TRADE – Millions of farmers, laborers and factory workers are being cheated by the blatantly unfair rules of world trade. High tariffs, subsidies, and bans on certain imports are often insurmountable barriers to people trying to break the cycle of poverty.

CONFLICT AND WAR – Millions die each year from war-related hunger and disease. Worldwide, there are about 20 million people displaced by war and humanitarian emergencies. At present, a crisis is taking place in the Darfur region of western Sudan, affecting over a million people.
To read more about what Oxfam is doing in this region, go to:

DISCRIMINATION – Members of oppressed castes, indigenous groups and religious minorities often have led access to resources and government assistance. They are frequently the last to receive emergency aid in the wake of disasters.

The Effects of Hunger:
Currently, more than 842 million people in the world suffer from hunger and malnutrition. Not only does Oxfam America believe that having enough food to feed yourself and your family is a basic human right, but according to Article 3 of the United Nations Universal Declaration of Human Rights states, “Everyone has the right to life, liberty and security of person.” Simply, hunger is incompatible with this right, hindering both human capabilities, and the right to a healthy life.

POVERTY At present 1.2 billion people in our world – that’s one in five – live on less than $1 a day, and 2.4 billion live without decent sanitation. Hunger is just another result of poverty and lack of opportunity. As a relief and development organization, Oxfam firmly believes that hunger and poverty CAN be overcome. Through supporting local organizations that understand the specific needs of their communities, as well as providing resources and training, Oxfam enables people to take ownership of the problems they face by attempting to find sustainable solutions to poverty. When people are empowered to take control of their lives, lasting changes come.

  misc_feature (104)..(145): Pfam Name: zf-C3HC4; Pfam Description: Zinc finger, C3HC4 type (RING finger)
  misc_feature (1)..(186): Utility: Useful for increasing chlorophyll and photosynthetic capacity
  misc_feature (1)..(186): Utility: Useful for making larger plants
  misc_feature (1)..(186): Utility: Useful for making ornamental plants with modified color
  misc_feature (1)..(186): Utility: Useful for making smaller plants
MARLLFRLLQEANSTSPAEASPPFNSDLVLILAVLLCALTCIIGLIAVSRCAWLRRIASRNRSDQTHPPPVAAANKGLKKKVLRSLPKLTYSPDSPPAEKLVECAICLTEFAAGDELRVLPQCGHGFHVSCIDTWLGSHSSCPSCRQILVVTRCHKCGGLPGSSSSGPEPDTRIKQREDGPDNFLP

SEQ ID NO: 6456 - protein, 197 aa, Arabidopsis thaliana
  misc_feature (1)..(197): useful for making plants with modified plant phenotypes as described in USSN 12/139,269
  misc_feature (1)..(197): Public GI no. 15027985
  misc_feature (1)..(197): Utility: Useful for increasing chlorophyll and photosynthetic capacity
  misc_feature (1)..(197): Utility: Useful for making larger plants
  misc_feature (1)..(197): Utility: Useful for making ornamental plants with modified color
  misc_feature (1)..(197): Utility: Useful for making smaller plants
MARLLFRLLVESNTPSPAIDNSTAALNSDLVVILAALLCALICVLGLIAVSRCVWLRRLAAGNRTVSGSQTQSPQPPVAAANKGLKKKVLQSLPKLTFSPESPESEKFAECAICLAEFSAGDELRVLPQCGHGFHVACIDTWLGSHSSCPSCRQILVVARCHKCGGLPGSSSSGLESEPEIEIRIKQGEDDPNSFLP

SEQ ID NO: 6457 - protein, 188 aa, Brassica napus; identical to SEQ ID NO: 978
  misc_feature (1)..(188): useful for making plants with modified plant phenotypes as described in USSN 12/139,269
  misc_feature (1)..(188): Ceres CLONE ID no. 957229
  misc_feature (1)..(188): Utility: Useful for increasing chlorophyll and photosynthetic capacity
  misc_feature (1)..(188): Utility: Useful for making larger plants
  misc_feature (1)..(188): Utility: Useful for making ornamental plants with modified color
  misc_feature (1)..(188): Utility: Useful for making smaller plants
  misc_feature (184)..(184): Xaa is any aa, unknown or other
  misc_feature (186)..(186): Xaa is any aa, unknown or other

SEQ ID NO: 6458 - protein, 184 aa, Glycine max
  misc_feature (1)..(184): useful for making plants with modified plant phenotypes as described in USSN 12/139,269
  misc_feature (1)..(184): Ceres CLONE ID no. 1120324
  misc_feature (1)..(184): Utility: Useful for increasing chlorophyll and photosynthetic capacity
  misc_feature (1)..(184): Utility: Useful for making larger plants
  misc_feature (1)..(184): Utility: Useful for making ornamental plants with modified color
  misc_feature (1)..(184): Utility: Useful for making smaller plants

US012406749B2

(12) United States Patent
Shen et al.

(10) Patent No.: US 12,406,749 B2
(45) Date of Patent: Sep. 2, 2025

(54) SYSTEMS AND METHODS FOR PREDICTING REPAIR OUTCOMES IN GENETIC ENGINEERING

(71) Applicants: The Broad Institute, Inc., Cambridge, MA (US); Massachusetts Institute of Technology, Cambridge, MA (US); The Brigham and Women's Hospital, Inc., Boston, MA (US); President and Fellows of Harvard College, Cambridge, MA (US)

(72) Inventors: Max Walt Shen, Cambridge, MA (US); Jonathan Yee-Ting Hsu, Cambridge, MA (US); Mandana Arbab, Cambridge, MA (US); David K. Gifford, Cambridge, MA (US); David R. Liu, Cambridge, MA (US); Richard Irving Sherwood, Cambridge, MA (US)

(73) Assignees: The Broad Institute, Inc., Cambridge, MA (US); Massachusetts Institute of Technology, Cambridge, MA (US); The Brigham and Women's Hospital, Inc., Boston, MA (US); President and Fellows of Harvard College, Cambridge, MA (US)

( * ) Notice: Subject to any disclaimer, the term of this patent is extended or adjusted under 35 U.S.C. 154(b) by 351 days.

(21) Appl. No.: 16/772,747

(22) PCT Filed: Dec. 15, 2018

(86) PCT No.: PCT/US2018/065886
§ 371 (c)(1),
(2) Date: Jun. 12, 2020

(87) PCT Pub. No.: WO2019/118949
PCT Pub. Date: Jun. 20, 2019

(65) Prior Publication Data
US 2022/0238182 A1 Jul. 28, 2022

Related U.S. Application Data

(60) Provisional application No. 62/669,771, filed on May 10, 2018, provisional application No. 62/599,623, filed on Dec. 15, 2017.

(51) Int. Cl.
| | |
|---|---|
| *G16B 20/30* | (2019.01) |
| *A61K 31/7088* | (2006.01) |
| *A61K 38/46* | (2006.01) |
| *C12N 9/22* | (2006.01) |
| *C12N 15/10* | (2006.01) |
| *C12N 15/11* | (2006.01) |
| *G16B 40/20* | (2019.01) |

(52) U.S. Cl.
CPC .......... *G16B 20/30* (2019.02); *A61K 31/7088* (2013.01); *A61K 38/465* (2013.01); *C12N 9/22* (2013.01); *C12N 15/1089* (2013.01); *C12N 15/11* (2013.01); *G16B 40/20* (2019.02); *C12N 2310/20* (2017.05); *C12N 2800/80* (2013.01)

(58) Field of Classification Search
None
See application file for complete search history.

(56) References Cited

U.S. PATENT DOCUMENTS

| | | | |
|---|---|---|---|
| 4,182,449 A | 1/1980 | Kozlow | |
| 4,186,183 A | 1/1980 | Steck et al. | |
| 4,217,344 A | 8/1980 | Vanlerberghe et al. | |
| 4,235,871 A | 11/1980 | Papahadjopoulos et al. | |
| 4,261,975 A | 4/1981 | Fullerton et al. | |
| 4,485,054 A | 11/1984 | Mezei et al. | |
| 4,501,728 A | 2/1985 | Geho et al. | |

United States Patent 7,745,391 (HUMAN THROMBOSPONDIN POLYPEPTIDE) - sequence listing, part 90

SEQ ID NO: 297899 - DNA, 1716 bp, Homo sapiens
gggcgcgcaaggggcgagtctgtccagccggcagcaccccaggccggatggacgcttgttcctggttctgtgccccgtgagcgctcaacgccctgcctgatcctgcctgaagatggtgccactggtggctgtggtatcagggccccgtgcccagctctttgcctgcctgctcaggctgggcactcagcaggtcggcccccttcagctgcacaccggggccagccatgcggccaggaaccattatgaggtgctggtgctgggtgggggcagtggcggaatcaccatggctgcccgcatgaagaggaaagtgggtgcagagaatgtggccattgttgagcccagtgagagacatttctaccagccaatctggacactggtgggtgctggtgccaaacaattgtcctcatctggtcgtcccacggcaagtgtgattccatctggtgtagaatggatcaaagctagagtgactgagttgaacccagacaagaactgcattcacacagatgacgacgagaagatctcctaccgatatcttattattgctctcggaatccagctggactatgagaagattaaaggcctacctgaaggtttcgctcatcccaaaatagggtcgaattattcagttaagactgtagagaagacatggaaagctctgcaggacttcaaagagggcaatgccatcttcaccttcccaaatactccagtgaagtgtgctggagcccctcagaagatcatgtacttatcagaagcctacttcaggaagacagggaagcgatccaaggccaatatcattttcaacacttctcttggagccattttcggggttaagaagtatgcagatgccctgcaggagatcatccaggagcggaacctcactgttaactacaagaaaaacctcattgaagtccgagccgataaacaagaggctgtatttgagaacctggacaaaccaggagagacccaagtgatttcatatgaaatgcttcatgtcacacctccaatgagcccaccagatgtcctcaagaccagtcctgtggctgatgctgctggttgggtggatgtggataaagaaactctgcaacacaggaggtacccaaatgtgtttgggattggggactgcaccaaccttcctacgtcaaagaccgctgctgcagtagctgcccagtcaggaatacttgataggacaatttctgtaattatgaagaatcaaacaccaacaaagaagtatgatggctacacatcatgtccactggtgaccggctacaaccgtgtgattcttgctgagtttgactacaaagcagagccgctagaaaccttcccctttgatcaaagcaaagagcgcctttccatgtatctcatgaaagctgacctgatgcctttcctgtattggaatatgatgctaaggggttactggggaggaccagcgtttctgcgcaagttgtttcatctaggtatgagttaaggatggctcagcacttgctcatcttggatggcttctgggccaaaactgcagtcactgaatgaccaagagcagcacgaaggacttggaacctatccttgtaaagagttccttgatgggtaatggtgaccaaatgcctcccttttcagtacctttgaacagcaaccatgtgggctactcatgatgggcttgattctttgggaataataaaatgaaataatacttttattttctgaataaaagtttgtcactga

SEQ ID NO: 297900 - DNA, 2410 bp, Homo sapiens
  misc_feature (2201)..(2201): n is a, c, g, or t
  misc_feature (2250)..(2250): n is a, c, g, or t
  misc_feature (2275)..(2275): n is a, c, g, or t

What is needed is committed assistance by developed nations – possibly in the form of aid, investment in micro finance, education, health care, debt relief, and peace and security. At present, the United States is spending over $500 billion dollars this year to fund the military, and reconstruction in the aftermath of Iraq and Afghanistan. However, when it comes to aid and poverty elimination in developing nations, (which helps PREVENT conflict), the budget changes. A mere $15 billion dollars went to fund development, hunger and poverty in 2004. Even this $15 billion dollar amount can be further broken down – with 53% of this aid going to relatively well off countries like Israel, Egypt and Eastern European countries in transition, for military and security assistance. According to the United Nations, developed nations should give a minimum target aid amount of .7% of GNI (gross national income). Currently, the US is pledging only.3%, which falls short of the target. The only nations to reach (and exceed) the 0.7 UN target is Denmark, Netherlands, Sweden, Norway, and Luxemburg.